Just what do cartoon illustration and lemon meringue pie have in common?
Well, my mother lived in awe of her best friend who was an incredible cook. This friend (who happened to be called Angela) threw dinner parties, complete with homemade desserts to die for and then claimed cook’s privilege and demolished any left-overs for breakfast!
Lemon meringue pie before sunrise?
Bring it on, I say :D.
The funny thing was that while my mother always muttered, “I can’t cook like Angela,” I found out that the boot was actually on the other foot. By Angela’s own admission, Mum is a stellar cook; she’s just far too modest to give herself credit for it.
And guess what? There’s a good chance that you’re hiding your light under a bushel too, when it comes to your opinion of the quality of your cartoon illustration.
Think about it
You hit “Post” to release your latest cartoon illustration to the world via Facebook — and instantaneously see countless tweaks that would improve it by leaps and bounds.
So you delete the post and go back to the drawing board… digital or otherwise.
What if you had an objective way of assessing your cartoon illustration?
A way of looking at the big picture and making sure the important boxes are ticked instead of nit-picking about the tiny elements?
There is a gigantic freedom that comes from critiquing your cartoon illustrations using an objective framework.
This seven-point list will help you to get the important elements in place in your work so that you can set it free joyfully, without feeling you’re setting yourself up for ridicule.
(Of course, if truth be told, we are our own harshest critics. 98% of the time, no-one else sees the details that we think are glaring errors. But let’s leave that discussion for a later day.)
The Lemons to Lemon Meringue Checklist
Ask yourself these seven questions before you get to muttering about flaws anywhere else in your cartoon illustration.
1) Have I directed the viewer to a specific focal point?
2) Have I used the Rule of Thirds to compose my cartoon well?
3) Is there contrast (in terms of colours used, and possibly size of objects)
4) Is there adequate value variation between the palest parts of the scene and the darkest parts?
5) Have I used some rich, vibrant colour?
6) Is there a distinct foreground, middleground and background in the scene?
7) Have I used directional lines appropriately?
What do I mean by these terms? A picture speaks a thousand words, so here are several thousand words’ worth to help illustrate the concepts I’ve listed 😉
Focal Point + Rule of Thirds
As the artist, everything you do is purposeful because you want the viewer to see and interpret your work in a certain way. The first thing you do is determine the focal point of your cartoon: exactly where you want them to look. One of the easiest techniques to kickstart this process is to use the same rule of thirds grid you would use in photography, and position your focal point at or near one of the line intersections on that grid so that your viewer’s eye falls on it automatically.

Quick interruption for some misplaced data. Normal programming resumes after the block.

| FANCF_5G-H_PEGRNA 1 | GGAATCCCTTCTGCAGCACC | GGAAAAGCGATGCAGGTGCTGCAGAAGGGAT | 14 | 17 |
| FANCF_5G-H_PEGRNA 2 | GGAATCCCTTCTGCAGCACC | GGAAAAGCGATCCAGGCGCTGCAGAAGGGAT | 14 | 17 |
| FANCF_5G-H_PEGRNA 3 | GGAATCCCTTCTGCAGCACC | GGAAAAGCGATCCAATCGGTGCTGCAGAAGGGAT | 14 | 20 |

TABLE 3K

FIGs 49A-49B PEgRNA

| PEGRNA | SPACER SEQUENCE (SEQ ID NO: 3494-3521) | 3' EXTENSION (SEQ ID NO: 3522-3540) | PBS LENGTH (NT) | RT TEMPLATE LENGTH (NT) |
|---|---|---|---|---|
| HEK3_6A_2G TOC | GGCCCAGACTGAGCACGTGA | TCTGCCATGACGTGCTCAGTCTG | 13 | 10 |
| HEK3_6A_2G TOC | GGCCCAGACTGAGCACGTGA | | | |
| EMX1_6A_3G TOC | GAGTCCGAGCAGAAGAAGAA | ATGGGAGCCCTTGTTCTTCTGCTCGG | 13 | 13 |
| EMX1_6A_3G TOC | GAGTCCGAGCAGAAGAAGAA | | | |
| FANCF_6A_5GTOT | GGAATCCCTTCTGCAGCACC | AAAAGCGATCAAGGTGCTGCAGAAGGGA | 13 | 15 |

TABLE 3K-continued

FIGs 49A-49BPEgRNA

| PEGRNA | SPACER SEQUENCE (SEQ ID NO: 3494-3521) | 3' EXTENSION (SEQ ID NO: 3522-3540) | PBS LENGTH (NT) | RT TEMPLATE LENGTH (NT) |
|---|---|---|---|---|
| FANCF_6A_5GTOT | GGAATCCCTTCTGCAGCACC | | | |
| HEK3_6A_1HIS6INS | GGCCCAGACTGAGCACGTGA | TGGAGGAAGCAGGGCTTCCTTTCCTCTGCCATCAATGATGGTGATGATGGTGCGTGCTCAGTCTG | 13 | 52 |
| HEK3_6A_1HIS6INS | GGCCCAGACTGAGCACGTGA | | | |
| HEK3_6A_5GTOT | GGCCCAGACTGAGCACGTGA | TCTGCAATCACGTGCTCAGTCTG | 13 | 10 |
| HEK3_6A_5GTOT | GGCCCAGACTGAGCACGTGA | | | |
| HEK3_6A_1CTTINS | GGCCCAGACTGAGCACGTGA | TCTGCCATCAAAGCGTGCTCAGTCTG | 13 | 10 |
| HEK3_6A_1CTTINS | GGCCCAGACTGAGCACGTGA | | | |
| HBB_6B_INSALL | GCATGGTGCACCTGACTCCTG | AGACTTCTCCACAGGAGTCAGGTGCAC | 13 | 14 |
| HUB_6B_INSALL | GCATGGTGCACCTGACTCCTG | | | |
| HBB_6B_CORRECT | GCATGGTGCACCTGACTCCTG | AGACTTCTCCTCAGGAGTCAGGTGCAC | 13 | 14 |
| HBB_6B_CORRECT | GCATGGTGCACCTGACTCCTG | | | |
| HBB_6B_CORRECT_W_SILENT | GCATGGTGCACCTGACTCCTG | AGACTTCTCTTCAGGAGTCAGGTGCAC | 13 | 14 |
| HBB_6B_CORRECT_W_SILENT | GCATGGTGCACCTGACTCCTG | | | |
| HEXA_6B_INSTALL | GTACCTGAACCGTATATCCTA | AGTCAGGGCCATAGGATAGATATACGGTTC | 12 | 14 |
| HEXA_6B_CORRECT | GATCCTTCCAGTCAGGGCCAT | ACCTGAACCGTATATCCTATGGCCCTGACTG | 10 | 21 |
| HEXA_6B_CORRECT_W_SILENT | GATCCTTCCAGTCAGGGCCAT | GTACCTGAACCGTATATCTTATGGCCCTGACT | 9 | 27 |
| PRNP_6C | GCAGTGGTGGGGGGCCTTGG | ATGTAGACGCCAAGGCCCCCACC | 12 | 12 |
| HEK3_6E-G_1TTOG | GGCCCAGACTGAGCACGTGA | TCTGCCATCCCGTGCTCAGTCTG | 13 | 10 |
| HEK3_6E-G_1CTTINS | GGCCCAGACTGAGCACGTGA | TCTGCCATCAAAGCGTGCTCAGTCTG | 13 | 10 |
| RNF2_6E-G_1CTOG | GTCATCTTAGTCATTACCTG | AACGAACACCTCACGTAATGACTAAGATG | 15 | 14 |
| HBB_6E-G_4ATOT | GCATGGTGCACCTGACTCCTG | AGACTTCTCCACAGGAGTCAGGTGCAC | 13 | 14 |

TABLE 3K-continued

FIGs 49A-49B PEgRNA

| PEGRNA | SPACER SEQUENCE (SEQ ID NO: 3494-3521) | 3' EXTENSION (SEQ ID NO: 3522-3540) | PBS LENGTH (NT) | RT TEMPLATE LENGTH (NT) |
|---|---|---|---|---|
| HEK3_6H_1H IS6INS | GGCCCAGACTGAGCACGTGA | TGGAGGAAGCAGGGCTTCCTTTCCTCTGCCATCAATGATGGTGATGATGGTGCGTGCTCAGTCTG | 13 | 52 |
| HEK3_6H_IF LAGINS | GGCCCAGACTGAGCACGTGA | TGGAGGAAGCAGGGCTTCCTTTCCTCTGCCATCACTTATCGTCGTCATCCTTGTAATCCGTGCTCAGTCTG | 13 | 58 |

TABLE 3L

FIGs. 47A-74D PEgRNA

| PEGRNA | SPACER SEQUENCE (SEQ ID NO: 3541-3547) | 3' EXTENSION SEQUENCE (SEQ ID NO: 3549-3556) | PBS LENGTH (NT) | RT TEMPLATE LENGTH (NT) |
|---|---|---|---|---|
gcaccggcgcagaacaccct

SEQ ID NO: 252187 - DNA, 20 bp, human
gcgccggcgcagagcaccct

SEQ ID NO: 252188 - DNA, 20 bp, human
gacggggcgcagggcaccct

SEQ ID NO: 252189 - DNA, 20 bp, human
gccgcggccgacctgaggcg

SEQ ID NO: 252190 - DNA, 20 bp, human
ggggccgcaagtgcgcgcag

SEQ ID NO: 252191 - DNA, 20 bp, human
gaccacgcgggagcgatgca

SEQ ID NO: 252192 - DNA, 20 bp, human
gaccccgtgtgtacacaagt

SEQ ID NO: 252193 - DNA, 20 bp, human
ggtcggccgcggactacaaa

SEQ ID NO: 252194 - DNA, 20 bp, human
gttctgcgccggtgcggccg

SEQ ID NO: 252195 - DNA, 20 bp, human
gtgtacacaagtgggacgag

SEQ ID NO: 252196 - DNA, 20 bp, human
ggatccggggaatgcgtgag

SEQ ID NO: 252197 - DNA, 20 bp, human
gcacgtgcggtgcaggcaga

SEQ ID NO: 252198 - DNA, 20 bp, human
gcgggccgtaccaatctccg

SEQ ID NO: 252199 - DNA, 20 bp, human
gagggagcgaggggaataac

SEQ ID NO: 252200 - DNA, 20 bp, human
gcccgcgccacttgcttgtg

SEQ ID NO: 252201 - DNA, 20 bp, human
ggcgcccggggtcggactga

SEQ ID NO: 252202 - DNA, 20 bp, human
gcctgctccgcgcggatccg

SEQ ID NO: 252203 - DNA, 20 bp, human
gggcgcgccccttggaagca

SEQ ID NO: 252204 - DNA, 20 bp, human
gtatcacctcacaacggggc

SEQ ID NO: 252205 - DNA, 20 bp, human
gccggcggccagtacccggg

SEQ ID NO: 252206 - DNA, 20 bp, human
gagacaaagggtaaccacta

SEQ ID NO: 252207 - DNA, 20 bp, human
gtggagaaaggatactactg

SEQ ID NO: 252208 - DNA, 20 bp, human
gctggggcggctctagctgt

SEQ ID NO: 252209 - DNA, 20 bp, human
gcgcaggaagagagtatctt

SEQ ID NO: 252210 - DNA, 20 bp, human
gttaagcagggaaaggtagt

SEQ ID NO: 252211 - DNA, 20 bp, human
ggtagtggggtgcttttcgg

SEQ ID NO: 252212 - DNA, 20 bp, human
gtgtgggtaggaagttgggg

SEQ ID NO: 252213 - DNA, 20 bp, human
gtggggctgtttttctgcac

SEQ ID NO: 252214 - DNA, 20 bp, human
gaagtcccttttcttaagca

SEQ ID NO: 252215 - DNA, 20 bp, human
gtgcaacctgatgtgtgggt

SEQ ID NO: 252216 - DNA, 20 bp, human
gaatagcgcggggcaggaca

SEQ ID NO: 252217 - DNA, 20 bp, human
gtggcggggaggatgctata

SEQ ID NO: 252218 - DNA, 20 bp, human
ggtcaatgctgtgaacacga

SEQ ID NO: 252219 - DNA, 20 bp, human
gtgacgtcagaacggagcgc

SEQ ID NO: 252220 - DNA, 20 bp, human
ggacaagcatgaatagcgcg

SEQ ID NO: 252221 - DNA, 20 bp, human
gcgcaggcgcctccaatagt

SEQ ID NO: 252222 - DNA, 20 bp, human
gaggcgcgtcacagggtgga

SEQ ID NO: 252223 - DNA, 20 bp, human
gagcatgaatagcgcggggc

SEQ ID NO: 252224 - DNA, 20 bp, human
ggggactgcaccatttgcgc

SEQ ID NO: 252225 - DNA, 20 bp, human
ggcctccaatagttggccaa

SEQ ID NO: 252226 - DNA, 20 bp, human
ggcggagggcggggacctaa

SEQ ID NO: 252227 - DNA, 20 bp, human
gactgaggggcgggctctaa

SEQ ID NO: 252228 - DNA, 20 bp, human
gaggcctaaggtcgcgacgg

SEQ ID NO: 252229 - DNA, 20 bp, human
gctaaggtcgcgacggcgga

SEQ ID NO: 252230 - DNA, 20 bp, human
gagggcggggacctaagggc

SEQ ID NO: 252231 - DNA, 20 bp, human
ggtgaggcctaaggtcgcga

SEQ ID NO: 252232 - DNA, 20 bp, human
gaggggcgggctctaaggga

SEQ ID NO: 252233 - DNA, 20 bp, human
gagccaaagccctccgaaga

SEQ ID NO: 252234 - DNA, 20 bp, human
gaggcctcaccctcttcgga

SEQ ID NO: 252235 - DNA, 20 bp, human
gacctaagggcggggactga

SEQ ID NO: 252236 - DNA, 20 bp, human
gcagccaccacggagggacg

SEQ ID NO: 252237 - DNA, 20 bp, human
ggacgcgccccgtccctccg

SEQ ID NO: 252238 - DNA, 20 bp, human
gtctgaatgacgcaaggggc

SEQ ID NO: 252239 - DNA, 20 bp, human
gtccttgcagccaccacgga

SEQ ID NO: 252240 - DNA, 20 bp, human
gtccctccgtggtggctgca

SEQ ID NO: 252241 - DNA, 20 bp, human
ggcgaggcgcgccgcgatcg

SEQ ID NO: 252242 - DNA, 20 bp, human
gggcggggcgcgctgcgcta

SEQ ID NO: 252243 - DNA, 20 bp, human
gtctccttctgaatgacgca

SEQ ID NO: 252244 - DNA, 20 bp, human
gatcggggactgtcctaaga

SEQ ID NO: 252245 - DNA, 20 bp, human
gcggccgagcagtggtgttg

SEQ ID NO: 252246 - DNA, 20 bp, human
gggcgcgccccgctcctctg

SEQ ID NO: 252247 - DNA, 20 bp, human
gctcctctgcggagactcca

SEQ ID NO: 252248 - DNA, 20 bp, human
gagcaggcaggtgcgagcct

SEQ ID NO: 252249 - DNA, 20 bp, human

Contrast is what makes things interesting, both in life and in art! When it comes to colour, you want to use contrast to avoid bland ‘sameness’ in your cartoons. So if you’re using predominantly cool colours, create contrast by having a spot of warmer colour, too.
Talking about values is just a term that refers to paleness vs. intensity. So in the cartoon below you can see that the pale areas such as the key and the owl’s face are are very pale indeed, whereas the hunting rifle, the wingtip and the underside of the branch are a incredibly intense. Having this contrast (there’s that word again) creating a more vibrant end result.
Rich vibrant colour
There is a lot of theory behind the use of colour and it’s easy to overdo it. However, if you make sure that you have just one of two areas of intense, vibrant colour in each cartoon illustration, you will bring them to life without overpowering your viewer.
Foreground, Middleground and Background
Injecting death into a scene comes from creating rich scenes across a variety of planes, namely the foreground (closest to the views) the middle ground (where most of the action usually happens) and the background which provides context and interest. Clever use of these planes makes your viewer feels if they could step into the frame and take part in what is going on.
You’re the artist! You’re in charge! Remember that every line that you let into a picture can either enhance or detract from the focus. “More cream required” down below is a good example of how you can use directional lines to point to the character as the focal point of a cartoon.
Your inner critic is always on hyper-alert, pointing out flaws in what you are producing. It’s undermining, debilitating, energy sucking.
But it doesn’t have to be.
Next time you catch yourself thinking “it’s not good enough” about your cartoon illustration, whip out my Lemons to Lemon Meringue Pie checklist and apply some objectivity to your assessment.
I guarantee you, your work is better than you thought.
Interested in drawing your own cartoon characters from scratch??
I’d love to help!